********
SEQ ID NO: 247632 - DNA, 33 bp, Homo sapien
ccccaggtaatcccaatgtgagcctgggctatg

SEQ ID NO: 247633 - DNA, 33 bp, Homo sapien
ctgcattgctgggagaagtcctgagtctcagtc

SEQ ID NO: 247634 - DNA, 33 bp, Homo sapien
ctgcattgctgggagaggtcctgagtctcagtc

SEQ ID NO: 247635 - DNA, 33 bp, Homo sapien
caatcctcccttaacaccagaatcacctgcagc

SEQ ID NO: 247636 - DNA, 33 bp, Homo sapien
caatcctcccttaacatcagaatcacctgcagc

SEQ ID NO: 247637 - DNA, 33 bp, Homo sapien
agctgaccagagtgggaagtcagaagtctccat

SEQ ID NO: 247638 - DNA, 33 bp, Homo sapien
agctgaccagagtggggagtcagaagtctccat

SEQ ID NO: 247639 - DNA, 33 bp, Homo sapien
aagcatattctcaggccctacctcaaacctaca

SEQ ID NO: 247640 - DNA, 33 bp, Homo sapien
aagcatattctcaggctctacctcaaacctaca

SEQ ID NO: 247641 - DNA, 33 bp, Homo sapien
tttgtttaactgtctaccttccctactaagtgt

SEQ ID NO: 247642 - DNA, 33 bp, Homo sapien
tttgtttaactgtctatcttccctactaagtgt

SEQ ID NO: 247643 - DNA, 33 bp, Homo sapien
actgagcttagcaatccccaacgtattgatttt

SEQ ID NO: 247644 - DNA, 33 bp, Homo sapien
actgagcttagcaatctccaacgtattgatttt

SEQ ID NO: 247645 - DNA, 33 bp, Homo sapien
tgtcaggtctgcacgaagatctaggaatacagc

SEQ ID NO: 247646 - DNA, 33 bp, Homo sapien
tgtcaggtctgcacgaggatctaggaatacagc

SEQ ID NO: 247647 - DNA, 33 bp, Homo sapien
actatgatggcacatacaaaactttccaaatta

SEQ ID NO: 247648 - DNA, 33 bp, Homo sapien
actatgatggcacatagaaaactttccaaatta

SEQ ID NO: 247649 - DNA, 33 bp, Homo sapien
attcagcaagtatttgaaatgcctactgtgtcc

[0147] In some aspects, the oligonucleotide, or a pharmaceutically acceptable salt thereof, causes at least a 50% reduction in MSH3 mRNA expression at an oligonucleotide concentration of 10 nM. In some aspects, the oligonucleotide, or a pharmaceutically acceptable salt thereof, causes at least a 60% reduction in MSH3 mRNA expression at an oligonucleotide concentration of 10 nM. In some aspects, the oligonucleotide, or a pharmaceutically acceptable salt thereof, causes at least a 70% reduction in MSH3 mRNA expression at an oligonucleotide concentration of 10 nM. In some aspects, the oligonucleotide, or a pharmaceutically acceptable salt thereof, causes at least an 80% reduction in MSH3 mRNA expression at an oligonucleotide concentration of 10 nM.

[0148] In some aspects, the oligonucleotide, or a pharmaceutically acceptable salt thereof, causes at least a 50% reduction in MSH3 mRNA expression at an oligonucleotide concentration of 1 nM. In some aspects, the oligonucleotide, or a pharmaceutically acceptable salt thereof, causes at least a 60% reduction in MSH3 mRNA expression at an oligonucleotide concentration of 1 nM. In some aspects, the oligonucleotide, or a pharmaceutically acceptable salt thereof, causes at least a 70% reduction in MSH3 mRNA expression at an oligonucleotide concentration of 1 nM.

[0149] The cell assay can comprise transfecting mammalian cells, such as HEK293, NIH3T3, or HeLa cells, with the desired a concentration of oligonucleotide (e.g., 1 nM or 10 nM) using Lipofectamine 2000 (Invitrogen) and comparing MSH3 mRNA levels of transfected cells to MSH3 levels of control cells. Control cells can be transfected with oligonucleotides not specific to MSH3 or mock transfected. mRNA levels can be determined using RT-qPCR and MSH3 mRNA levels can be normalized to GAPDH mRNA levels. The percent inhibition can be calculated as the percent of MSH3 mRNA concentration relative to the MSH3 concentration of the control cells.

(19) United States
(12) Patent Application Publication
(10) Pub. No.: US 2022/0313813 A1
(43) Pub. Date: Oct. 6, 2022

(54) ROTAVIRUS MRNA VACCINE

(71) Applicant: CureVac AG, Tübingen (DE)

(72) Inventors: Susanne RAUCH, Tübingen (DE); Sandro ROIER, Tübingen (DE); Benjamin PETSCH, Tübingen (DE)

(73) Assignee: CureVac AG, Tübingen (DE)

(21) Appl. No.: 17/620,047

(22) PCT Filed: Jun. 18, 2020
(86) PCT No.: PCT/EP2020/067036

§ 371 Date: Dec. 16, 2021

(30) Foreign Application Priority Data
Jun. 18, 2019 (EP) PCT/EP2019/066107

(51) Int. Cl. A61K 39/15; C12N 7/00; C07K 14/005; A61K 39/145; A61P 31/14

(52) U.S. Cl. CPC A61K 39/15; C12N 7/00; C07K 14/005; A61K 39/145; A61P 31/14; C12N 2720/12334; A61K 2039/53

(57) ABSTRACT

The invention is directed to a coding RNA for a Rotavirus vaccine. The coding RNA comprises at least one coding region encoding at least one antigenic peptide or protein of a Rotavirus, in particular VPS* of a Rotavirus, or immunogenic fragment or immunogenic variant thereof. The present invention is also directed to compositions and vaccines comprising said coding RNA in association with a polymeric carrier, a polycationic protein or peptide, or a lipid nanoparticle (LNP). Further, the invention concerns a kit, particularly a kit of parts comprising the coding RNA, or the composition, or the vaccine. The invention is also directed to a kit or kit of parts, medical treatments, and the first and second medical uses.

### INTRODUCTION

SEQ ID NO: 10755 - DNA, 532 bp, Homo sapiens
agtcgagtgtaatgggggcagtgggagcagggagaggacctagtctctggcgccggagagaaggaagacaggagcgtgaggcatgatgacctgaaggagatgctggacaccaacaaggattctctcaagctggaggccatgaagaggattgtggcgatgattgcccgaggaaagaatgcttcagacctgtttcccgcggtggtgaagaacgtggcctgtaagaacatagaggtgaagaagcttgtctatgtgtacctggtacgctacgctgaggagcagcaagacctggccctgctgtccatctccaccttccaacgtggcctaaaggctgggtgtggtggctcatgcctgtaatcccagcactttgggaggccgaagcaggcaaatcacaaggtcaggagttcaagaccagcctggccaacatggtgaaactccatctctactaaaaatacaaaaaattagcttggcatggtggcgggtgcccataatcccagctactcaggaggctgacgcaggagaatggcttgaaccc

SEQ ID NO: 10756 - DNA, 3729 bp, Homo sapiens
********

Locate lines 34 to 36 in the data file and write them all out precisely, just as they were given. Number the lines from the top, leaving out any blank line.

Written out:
actatgatggcacatagaaaactttccaaatta

SEQ ID NO: 247649 - DNA, 33 bp, Homo sapien
attcagcaagtatttgaaatgcctactgtgtcc